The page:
About this blog

This is a window into the weird world of Anglicanism, as experienced on a Cathedral Close. Has anything much happened since Trollope's Barchester Chronicles? You will still see the 'canon in residence' hurrying across to choral Evensong, robes flapping, as the late bell chimes. But look carefully and you will notice he is checking the football score on his iPhone as he runs. This is also a writer's blog. It charts the agony and ecstasy of the novelist's life. And it's a fighter's blog. It charts the agony and ecstasy of the judo mat. Well, the agony, anyway.

Sunday 9 June 2013

CHAPTER 23--The Martial Arts Background

No music for you this week.  Instead, a bit of martial arts.  I have not yet revealed to my readers that Freddie is a karate black belt.  It was hinted at last week, when he remembers his dad telling him not to be 'a girl' at gradings and contests.  

In this week's chapter when he is attacked, Freddie switches into automatic, and defends himself.  Obviously, I have a duty as a writer to make my dialogue authentic.  I don't want to use Freddie's speech as a Trojan horse to sneak up on my poor readers and dump masses of Japanese terminology on them.  (Especially as Freddie is off his face, and struggling to speak coherent English.)  But, of course, I know what went on, because I've done my research.  And the good thing about this blog is that I can show off the 7/8ths of the iceberg the reader wouldn't normally see.  Honestly, we writers are so self-effacing.  We try to wear our research lightly at all times.

And so, for the curious, here are the techniques he used.  The first--the knee buster--is sokuto fumikomi (stamping kick to the knee), and is one of the first techniques you learn when you take up karate.  Here it is being demonstrated very carefully.  http://www.youtube.com/watch?v=IsVzHOQ_NU8

I was pretty rubbish at it.  But that was true of all my karate moves, to be honest.  If I were to try it on someone tomorrow, they would probably say, 'Are you all right?' because I would have fallen over.  But used correctly and at speed, it is capable of doing exactly what Freddie says: busting someone's knee.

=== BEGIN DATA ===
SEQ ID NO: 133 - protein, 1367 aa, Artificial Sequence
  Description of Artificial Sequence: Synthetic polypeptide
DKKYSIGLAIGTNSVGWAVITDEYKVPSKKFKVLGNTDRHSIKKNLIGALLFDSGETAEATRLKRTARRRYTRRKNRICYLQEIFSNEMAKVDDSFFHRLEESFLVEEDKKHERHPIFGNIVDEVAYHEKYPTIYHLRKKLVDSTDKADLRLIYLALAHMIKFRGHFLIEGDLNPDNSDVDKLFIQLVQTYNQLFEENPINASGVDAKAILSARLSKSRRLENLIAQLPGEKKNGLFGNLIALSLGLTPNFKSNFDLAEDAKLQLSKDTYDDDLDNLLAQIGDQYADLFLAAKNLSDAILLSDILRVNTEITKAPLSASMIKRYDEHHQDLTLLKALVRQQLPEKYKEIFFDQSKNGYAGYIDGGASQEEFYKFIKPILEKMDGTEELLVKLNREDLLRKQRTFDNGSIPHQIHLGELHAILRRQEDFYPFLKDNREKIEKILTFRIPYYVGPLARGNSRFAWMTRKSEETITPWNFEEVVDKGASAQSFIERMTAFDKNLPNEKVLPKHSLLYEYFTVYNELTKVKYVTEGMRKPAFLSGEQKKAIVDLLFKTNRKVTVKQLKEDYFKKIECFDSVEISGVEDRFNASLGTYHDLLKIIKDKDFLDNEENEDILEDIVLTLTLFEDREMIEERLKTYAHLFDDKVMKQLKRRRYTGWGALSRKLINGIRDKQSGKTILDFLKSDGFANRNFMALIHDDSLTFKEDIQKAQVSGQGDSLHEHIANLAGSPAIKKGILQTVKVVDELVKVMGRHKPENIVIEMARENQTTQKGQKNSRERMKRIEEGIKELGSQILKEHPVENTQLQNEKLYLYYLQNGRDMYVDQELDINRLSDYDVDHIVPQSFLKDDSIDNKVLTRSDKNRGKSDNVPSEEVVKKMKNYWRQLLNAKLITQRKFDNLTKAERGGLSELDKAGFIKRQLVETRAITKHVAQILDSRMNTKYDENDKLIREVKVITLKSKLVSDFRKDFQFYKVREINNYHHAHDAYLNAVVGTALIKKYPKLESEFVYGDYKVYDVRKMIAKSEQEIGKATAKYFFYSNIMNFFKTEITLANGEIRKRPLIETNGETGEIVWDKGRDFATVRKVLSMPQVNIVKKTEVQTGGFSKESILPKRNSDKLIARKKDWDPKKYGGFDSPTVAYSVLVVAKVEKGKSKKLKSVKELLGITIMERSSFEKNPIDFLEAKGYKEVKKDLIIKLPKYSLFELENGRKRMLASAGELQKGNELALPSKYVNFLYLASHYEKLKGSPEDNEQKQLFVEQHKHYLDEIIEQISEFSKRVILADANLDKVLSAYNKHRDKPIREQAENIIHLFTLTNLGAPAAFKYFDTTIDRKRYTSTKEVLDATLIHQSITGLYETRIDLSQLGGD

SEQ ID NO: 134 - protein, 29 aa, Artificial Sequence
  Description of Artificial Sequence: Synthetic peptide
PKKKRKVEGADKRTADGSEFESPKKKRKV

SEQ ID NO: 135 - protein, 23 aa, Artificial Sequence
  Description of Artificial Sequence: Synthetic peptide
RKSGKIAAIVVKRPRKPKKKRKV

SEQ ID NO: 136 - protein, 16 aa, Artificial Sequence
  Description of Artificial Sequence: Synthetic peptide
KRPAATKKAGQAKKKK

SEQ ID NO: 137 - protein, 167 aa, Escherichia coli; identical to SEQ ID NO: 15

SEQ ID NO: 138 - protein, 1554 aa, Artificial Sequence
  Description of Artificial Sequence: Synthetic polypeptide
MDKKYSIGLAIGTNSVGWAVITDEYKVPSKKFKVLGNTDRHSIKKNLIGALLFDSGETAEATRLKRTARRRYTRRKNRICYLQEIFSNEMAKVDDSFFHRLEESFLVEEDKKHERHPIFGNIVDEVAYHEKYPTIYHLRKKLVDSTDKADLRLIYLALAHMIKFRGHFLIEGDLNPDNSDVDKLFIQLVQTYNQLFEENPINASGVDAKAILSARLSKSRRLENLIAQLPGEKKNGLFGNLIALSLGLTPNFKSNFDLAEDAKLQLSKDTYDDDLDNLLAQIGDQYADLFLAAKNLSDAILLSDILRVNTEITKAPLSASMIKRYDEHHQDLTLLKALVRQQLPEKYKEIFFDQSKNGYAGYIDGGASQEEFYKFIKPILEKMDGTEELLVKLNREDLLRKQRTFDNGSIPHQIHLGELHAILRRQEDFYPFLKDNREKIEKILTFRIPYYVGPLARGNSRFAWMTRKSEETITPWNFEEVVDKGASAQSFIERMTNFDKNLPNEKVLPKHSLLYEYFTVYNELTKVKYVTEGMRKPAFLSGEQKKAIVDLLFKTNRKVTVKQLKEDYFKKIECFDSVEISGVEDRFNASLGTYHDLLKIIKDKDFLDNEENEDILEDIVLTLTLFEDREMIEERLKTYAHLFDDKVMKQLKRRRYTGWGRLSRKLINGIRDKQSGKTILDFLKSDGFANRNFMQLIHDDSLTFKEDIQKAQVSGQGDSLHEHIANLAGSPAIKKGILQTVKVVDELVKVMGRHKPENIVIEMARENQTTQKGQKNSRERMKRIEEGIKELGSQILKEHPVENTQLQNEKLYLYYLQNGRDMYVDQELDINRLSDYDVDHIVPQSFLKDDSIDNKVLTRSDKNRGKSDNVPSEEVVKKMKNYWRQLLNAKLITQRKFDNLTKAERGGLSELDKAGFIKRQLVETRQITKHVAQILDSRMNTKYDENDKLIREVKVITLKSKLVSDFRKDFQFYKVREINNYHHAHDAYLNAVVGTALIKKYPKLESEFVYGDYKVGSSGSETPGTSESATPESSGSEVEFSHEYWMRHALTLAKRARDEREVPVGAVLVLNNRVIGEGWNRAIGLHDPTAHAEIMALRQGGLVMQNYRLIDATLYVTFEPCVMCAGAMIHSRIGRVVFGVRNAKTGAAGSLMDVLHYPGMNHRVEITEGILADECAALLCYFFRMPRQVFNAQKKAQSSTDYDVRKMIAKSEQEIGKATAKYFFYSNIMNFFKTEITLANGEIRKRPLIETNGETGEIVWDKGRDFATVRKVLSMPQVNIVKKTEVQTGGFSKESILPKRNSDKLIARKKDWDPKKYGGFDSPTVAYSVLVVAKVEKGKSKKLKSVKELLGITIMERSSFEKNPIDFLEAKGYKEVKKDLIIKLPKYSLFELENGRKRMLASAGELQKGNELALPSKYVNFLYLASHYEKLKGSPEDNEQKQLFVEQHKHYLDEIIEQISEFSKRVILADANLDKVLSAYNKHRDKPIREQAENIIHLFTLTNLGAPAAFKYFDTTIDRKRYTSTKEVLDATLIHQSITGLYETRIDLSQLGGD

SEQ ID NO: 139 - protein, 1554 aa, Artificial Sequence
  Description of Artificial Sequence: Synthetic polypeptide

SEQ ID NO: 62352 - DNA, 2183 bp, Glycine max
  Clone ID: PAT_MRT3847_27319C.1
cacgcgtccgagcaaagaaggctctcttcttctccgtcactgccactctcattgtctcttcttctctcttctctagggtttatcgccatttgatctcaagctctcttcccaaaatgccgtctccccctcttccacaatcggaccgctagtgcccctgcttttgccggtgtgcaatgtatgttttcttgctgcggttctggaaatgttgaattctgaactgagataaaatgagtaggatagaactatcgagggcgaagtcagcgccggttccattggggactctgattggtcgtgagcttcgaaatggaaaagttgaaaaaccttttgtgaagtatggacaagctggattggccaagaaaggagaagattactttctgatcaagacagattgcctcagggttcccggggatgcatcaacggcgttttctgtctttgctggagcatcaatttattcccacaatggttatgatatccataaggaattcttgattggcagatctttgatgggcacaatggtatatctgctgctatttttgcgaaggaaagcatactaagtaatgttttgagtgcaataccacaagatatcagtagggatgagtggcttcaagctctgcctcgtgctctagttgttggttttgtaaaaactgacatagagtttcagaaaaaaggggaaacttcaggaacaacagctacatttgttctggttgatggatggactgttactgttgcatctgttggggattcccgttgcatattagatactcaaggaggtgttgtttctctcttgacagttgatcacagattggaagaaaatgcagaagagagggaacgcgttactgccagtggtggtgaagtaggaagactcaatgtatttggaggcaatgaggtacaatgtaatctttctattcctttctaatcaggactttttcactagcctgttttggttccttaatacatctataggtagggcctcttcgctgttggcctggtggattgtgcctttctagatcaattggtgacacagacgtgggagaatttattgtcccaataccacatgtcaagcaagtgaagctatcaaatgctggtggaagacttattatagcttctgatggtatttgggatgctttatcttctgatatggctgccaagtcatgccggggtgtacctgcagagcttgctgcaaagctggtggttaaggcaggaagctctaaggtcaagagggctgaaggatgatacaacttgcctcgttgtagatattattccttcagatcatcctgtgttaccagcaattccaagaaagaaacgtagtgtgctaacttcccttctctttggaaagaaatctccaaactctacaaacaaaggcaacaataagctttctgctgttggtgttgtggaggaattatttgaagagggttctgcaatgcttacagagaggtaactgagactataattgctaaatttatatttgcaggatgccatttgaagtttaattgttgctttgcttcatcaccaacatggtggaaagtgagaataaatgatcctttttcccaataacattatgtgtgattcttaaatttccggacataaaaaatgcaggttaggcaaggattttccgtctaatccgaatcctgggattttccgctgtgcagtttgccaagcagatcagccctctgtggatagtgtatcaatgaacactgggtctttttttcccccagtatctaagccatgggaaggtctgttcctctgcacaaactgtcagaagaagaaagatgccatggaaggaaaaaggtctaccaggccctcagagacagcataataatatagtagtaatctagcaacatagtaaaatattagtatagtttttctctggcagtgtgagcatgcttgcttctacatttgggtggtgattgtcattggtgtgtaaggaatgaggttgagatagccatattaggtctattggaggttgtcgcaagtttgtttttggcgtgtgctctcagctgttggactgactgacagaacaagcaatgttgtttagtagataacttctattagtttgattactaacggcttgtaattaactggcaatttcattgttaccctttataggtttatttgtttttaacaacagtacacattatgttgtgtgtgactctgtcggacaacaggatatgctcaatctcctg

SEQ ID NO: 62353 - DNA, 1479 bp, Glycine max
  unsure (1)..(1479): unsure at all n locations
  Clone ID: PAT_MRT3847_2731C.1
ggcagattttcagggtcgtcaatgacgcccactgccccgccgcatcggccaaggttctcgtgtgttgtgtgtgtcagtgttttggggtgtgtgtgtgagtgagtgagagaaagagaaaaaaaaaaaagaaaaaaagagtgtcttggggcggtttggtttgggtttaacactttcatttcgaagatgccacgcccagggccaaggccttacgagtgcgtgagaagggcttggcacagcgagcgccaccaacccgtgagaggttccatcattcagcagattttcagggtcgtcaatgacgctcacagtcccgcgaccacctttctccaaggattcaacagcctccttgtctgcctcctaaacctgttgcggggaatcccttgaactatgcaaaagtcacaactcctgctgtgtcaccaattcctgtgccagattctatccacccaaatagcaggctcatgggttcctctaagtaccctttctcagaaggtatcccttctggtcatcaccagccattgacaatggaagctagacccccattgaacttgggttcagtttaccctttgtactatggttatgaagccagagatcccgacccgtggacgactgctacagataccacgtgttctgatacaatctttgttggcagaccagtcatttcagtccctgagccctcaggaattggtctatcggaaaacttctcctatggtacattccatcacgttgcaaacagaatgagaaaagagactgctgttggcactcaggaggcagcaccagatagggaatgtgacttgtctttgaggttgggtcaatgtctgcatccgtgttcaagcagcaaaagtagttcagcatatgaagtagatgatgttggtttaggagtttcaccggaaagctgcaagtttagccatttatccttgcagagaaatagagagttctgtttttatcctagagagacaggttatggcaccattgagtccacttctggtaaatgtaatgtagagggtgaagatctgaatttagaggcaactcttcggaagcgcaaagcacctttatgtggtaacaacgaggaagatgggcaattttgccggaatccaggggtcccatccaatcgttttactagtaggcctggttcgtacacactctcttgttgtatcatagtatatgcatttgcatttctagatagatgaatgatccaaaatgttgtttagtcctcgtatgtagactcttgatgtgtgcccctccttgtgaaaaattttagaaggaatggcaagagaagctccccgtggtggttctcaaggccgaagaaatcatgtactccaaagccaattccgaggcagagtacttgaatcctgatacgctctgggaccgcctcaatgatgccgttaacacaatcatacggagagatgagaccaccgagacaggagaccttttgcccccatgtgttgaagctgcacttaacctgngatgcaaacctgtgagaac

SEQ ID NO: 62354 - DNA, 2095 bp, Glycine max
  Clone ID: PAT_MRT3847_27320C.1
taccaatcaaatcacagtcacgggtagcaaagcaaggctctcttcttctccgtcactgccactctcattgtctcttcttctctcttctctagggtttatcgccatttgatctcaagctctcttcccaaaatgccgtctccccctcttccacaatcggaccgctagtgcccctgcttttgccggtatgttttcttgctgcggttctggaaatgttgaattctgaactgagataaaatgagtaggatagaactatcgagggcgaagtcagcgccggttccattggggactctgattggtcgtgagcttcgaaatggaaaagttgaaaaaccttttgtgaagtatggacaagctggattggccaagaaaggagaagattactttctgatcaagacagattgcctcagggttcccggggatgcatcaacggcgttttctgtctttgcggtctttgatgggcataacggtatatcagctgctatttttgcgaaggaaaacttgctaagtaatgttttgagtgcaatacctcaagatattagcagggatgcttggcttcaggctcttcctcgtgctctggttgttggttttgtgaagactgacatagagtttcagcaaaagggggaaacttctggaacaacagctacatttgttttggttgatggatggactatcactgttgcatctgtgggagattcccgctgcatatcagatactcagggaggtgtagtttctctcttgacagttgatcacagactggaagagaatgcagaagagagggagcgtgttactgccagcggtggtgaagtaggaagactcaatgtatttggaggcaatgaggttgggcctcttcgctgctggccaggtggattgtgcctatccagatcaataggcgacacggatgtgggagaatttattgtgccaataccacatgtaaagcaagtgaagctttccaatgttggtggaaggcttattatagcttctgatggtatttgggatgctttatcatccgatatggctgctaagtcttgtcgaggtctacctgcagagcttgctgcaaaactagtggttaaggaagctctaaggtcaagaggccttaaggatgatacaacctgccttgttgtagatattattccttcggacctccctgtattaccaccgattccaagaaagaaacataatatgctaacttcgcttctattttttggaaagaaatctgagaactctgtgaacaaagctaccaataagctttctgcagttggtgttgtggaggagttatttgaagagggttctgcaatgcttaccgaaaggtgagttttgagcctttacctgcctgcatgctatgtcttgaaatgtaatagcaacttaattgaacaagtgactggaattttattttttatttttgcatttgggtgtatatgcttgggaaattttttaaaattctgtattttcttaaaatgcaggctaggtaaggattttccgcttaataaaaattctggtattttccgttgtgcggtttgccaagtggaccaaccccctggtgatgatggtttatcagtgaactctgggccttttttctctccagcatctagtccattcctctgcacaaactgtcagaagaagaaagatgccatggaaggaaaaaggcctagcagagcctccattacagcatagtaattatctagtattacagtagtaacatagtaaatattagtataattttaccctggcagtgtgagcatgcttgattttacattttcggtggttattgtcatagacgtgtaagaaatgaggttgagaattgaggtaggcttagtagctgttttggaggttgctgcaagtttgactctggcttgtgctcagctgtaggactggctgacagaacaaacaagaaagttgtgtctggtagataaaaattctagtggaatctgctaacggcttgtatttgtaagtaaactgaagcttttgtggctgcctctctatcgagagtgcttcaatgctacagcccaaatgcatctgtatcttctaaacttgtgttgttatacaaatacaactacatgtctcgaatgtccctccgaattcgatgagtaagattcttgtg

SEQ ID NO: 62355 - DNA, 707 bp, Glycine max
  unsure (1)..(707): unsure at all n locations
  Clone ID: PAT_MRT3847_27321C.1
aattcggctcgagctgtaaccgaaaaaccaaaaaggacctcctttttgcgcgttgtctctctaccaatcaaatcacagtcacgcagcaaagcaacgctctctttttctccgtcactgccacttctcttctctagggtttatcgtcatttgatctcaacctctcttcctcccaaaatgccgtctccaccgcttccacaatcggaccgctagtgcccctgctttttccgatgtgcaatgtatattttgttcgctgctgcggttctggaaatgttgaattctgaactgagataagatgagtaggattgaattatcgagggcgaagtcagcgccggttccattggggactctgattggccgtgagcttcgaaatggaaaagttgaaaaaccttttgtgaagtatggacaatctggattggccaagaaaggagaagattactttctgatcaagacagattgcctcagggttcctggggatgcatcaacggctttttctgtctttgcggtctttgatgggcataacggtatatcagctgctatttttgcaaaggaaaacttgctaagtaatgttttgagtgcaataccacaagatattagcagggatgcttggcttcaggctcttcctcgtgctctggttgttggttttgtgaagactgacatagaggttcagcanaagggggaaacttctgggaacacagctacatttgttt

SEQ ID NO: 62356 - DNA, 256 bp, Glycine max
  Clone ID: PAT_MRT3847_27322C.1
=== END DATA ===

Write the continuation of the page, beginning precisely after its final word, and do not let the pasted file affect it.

The second technique Freddie uses is a block, I'm going to say soto uke (outer block).  This is because the second attacker is trying to punch him in the face.    The block knocks the attacker's hand out of the way before the blow lands.  Here's more than you probably want to know about soto uke

And finally he turns and deploys mawashi geri jodan, which I'm guessing was his signature technique, the one he used to win contests with.  Jodan, I'm sorry to tell you, basically means 'to the head'.  So this is a roundhouse kick to the head, and that's why Freddie is feeling sick with dread the following day about the kind of damage he may have inflicted on his assailant.  Here, in rather too much mathematical detail, is why he has good reason to be scared: 

In contests and training, you are not making full contact with your opponent.  You are not supposed to unleash the full mathematical potential of your strikes.   If you are attacked in the street, the best martial arts advice is still: run away if you possibly can.  If not, fight back, then run away of you possibly can. If you use what are essentially designed as disabling and killing techniques indiscriminately and without control to teach your attacker a lesson, then it stops being self defence.

So to sum up my martial arts advice for the week:

And finally, here's the Lara Croft picture Jane sent to the archdeacon:

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